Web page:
Geochemistry of a Chilean glacier watershed for the 2013 Expedition to Cerro Plomo in the Chilean Andes
Written by Alfonso Fernández, Ohio State University, Byrd Polar Research Center, Columbus, OH
Glacier-fed streams emanating from Andean mountain valleys are essential for human welfare and also contain geochemical properties resulting from the many natural processes and phase changes that cycle water through the Earth System. By analyzing the chemical characteristics of the water sampled at various positions in the watershed, we are able to gain insights into these hydrologic pathways, and evaluate how water supply is affected by climate change. As one of the most easily recognizable water stores in nature, glacier ice and snow are key sources for maintaining relatively constant stream flows during dry months. Furthermore, mountain ice and snow significantly contribute to erosion processes that imbue stream runoff and meltwater with chemical compounds that get transported downstream, and can be beneficial for other environments.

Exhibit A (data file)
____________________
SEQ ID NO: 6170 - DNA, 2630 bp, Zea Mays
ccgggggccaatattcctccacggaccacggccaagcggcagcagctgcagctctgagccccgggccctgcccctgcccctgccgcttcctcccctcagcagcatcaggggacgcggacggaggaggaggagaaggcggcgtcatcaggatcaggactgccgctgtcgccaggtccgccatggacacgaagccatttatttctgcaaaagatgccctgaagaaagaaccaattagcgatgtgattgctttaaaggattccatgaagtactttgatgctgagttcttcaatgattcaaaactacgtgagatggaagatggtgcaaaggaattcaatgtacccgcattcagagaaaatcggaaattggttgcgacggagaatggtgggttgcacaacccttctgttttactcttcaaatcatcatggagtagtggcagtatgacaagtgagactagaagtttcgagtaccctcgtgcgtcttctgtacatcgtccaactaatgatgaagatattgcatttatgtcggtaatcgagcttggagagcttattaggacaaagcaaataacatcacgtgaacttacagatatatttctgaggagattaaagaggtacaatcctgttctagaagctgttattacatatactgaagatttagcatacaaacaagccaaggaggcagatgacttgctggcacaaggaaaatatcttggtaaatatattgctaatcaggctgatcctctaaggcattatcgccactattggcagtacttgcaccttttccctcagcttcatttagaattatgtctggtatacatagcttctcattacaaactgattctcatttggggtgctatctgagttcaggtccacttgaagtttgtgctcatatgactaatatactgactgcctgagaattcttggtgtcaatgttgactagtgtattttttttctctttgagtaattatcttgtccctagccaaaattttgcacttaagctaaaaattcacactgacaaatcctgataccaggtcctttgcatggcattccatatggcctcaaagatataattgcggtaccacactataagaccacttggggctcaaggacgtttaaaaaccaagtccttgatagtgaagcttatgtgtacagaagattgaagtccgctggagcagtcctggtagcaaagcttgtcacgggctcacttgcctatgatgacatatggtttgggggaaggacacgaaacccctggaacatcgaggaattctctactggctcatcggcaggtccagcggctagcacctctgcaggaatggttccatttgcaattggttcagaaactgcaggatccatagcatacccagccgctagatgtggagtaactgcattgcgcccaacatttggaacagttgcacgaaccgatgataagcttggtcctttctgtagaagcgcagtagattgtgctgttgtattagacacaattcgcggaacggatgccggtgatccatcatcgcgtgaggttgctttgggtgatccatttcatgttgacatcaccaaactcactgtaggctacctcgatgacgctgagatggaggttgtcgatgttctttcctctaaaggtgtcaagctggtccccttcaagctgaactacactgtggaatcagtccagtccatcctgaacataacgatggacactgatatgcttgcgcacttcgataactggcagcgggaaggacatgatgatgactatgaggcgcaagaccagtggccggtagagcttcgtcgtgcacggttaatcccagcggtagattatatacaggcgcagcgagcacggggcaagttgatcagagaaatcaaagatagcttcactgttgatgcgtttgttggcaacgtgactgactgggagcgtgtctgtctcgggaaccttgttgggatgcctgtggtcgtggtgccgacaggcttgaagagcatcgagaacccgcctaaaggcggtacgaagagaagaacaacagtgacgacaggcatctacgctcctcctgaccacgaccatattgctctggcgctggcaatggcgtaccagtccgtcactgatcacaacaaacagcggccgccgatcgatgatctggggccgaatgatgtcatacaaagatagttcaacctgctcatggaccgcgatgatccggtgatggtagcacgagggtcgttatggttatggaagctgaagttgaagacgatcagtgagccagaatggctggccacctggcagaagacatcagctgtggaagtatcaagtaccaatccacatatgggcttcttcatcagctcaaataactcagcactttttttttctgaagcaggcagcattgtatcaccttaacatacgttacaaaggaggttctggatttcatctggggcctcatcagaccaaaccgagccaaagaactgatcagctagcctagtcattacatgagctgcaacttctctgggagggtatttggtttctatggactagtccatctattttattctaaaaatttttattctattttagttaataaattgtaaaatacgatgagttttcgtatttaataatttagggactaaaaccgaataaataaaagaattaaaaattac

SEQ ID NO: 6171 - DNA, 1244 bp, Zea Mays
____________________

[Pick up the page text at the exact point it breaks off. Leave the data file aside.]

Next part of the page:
The Chile Glacier Quest Team will be able to sample stream waters and sediments as they ascend the valley, and even up to the glacier snow and ice. The purpose of this survey is to establish a baseline of fundamental geochemical characteristics of the water draining the Cepo Valley. This will be an excellent opportunity to test hypotheses about the relative influence of climate, elevation, and bedrock geology.
Back in the lab, we will use different techniques such as ion chromatography and mass spectrometry to analyze the samples for standard chemical properties: water isotopes (Hydrogen-Deuterium and Oxygen); major dissolved cations (Calcium, Magnesium, Sodium, and Potassium) and anions (Fluoride, Chloride, Nitrate, and Sulfate); and nutrients (Ammonia and Phosphate, for example). These characteristics of the water relate to factors like the precipitation sources, what percentage of meltwater feeds the streams, and the local geology. Coupled with glacier- climate modeling, mapping of previous glacier extents in satellite imagery, and subsequent fieldwork, these initial samples will be fundamental to understand whether and how much the snow and glacier ice contribute to water availability changes.
© Copyright 2013 Kurt J. Sanderson unless otherwise noted.